Monday Motivation #5 - You, Improved

Monday Motivation #5

monday motivation

Today’s Tips

  • Your challenge: commit to 30 days of speaking no evil. In other words, for the next month, stop complaining and stop obsessing over perceived negatives in your life. So, do as your Mother told you, “if you can’t say something nice, don’t say anything at all.” This is not an easy challenge. We all get into a vicious cycle of complaining, looking for the bad, and group complaining, particularly at work. If you slip up, notice it and move on. You don’t have to start the 30 days all over again. Give it a try and see if you don’t start developing a more positive outlook.


What’s your biggest fear? All of us fear something, from taking risks to public speaking. CBS News recently reported on the top 10 fears of Americans,

A random sample of more than 1,500 adults from across the country answered questions about 88 fears covering a broad spectrum of categories, including fears of the government, crime, disasters, the environment, the future, technology, sickness and aging. The researchers also included questions about personal anxieties, such as claustrophobia, clowns and public speaking.

The things we fear – like clowns – often appear silly when we examine them in the cold light of day. As Mark Twain said, “I’ve had a lot of worries in my life, most of which never happened.” Fear keeps us in the same place, prevents us from growing and improving. The first step is to name your fear, and then conquer it. Our digital colleagues at WakeUpCloud published 33 ways to overcome fear. Give it a read and address your fear this week.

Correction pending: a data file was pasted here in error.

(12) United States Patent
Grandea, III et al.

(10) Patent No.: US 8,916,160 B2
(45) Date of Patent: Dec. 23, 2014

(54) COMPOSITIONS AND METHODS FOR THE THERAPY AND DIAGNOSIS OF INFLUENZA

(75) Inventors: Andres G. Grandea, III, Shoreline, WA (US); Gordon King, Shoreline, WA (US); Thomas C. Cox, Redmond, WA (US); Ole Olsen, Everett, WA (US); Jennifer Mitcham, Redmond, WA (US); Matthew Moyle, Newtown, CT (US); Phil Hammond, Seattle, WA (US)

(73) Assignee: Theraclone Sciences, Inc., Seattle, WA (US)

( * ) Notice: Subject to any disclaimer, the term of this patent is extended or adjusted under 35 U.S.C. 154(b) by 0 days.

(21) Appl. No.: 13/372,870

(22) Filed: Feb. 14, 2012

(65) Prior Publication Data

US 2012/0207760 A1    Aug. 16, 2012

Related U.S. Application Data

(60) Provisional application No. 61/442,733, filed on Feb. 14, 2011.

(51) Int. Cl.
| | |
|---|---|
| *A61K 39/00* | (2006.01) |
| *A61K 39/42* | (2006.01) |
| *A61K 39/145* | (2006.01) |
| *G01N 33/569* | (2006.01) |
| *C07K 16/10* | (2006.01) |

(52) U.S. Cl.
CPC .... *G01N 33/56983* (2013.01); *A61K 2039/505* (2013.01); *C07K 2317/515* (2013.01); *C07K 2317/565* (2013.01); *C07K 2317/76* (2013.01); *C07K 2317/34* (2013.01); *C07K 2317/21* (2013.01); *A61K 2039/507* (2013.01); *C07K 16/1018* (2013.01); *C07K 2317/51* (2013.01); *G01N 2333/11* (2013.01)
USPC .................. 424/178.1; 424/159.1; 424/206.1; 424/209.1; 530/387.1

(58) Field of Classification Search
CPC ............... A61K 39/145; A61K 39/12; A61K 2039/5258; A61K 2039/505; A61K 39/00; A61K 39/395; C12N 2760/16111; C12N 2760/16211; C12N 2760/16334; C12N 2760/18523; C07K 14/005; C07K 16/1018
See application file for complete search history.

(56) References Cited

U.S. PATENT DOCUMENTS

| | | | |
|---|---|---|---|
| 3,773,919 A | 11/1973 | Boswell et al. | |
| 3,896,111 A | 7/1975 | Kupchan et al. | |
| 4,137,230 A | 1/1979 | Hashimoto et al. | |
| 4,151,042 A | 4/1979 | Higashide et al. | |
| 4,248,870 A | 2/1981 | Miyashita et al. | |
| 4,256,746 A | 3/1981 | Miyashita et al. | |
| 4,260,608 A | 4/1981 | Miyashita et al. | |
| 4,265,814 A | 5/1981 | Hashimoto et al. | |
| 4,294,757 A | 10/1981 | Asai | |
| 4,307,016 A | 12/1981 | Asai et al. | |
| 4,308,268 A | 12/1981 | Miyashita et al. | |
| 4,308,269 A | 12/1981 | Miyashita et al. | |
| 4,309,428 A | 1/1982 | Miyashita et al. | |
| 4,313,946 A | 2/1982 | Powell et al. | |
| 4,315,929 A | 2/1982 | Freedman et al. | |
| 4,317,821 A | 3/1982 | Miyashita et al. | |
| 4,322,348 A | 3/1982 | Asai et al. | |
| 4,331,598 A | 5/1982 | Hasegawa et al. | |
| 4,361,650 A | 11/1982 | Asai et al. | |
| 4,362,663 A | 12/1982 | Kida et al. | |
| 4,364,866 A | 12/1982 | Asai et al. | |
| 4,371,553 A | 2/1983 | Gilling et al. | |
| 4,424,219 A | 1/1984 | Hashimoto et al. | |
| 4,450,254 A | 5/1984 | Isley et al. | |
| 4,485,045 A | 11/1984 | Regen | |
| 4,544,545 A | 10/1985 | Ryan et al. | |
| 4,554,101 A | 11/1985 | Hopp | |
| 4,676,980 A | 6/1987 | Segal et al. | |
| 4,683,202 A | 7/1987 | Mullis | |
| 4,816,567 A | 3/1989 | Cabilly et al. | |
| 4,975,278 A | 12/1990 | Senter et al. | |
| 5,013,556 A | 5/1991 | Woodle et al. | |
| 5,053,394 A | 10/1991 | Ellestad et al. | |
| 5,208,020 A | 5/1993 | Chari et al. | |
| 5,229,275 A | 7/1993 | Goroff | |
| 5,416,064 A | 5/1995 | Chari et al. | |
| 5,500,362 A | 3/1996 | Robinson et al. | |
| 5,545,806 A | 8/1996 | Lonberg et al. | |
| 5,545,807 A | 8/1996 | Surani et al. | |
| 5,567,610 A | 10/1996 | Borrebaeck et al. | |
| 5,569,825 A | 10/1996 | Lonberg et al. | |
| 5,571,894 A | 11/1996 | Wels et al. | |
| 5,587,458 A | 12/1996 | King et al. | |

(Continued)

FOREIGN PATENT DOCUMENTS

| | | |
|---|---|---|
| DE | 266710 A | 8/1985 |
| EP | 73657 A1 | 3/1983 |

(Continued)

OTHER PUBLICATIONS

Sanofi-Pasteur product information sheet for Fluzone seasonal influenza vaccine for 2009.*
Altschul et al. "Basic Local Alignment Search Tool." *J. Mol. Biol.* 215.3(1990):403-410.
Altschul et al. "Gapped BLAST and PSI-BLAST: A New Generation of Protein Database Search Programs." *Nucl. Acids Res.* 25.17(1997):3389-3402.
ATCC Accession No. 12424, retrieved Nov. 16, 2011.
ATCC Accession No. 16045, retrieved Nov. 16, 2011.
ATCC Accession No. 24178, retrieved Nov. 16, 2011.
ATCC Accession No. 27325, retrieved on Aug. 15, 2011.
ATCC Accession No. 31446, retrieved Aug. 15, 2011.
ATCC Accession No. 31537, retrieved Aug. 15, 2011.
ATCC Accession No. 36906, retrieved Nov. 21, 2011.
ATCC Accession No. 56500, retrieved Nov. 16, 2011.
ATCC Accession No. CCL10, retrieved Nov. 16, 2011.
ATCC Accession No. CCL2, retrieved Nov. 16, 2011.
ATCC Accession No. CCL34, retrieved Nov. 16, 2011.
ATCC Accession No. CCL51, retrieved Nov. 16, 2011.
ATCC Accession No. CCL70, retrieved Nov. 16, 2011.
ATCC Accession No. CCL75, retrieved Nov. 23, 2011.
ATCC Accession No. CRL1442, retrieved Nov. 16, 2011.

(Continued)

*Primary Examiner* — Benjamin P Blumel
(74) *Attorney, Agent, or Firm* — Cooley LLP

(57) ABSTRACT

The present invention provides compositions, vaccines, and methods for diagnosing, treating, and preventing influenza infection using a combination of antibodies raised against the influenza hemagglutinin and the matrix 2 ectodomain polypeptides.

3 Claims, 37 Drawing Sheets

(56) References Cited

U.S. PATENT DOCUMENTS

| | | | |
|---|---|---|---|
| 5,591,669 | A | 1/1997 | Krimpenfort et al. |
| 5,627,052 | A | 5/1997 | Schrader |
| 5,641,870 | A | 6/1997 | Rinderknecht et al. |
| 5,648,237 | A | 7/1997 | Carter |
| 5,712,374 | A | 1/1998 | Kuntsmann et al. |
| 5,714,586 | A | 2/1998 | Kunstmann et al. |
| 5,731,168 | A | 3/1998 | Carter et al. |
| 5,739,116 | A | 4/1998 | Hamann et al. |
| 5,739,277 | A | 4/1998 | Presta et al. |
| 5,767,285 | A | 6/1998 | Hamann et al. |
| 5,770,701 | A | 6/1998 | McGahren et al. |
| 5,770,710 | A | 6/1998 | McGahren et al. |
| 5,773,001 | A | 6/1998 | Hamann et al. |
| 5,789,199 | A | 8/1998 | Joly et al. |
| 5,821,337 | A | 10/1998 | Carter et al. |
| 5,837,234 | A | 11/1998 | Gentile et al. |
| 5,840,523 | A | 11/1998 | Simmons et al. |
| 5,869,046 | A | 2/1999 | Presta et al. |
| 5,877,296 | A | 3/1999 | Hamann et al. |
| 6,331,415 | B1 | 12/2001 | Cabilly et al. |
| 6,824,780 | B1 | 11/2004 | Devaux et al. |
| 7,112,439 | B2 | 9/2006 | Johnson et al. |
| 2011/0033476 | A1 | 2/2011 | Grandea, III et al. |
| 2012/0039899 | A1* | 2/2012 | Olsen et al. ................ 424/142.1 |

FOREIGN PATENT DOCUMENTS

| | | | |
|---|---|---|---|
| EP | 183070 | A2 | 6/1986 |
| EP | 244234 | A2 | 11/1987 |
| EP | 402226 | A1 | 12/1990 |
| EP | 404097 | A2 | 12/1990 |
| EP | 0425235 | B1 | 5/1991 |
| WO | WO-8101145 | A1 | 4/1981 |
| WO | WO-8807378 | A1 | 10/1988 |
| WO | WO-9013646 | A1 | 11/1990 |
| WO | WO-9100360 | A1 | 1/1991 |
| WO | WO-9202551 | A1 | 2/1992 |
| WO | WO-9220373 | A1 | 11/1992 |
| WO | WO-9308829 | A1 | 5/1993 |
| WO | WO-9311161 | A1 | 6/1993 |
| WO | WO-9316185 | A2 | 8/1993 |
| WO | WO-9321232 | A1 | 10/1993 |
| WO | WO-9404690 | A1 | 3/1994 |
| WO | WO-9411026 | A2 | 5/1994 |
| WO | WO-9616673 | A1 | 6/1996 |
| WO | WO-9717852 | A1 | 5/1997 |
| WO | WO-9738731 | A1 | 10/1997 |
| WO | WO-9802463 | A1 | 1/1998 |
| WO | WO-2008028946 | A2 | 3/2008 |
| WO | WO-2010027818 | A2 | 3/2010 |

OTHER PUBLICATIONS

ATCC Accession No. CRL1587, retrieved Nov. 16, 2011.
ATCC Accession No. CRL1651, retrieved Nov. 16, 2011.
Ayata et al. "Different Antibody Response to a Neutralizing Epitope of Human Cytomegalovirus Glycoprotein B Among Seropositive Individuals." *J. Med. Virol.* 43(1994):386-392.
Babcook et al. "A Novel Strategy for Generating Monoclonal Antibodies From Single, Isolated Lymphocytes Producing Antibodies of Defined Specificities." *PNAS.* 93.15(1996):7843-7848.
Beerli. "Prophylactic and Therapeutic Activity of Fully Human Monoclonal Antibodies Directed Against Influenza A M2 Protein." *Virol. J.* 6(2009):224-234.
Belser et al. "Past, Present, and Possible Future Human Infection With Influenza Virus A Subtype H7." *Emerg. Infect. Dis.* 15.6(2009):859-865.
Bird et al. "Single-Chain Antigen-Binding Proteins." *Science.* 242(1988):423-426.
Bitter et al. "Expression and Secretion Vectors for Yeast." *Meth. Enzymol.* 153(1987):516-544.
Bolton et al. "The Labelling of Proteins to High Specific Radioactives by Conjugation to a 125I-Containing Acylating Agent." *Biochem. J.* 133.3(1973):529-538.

Do you really know yourself, your weaknesses, your strengths, and things that annoy your friends and family? Have you ever thought about doing an anonymous survey of friends and family to find out your blindspots – the things you may not know about how others perceive you? I did this one time a few years back as an exercise in discovering how closely the Harry Hoover brand in my head aligned with reality. It was an eye-opening experience. I asked questions such as:

  • What is the first word that comes to mind that you’d use to describe me?
  • What adjectives would you use to describe me? (this is the one that got interesting)
  • What is my biggest strength?
  • What is my biggest weakness?

You can get a free account at SurveyMonkey and use it to ask up to 10 questions of 100 people anonymously.


Are there any energy vampires in your life? You know, those people whose negative energy just sucks the life and happiness right out of you. Guess what? When you hang around these vampires too long, you become one. There’s a good article at Personal Excellence that deals with how to handle this situation,

The challenge with dealing with negative people is that interactions with them tend to be draining. No matter what you say, they always have a negative opinion to offer. When something positive happens, they are quick to excuse that as a one-off or point out the black lining to the situation. When they have a problem, they prefer to victimize and complain, rather than work out a solution. To negative people, life sucks.

While we sometimes associate critical people as negative people, I want to highlight that they’re not always the same. Critical people have a tendency to criticize, at times even insult, others. Critical people can be sarcastic and tactless, often stepping on people’s toes. On the other hand, negative people may not necessarily be critical toward others. What they carry is a pessimistic and self-defeatist attitude toward life.

The post provides eight points in how to deal with energy vampires.


Do you have any motivational tips? Tell us in the comments section below.

About the author

Harry Hoover

Harry is an author, writer-for-hire, speaker, and publisher of You, Improved. He has written three books: Get Glad - Your Practical Guide To A Happier Life, Born Creative: Free Your Mind, Free Yourself, and Moving to Charlotte: The Un-Tourist Guide.

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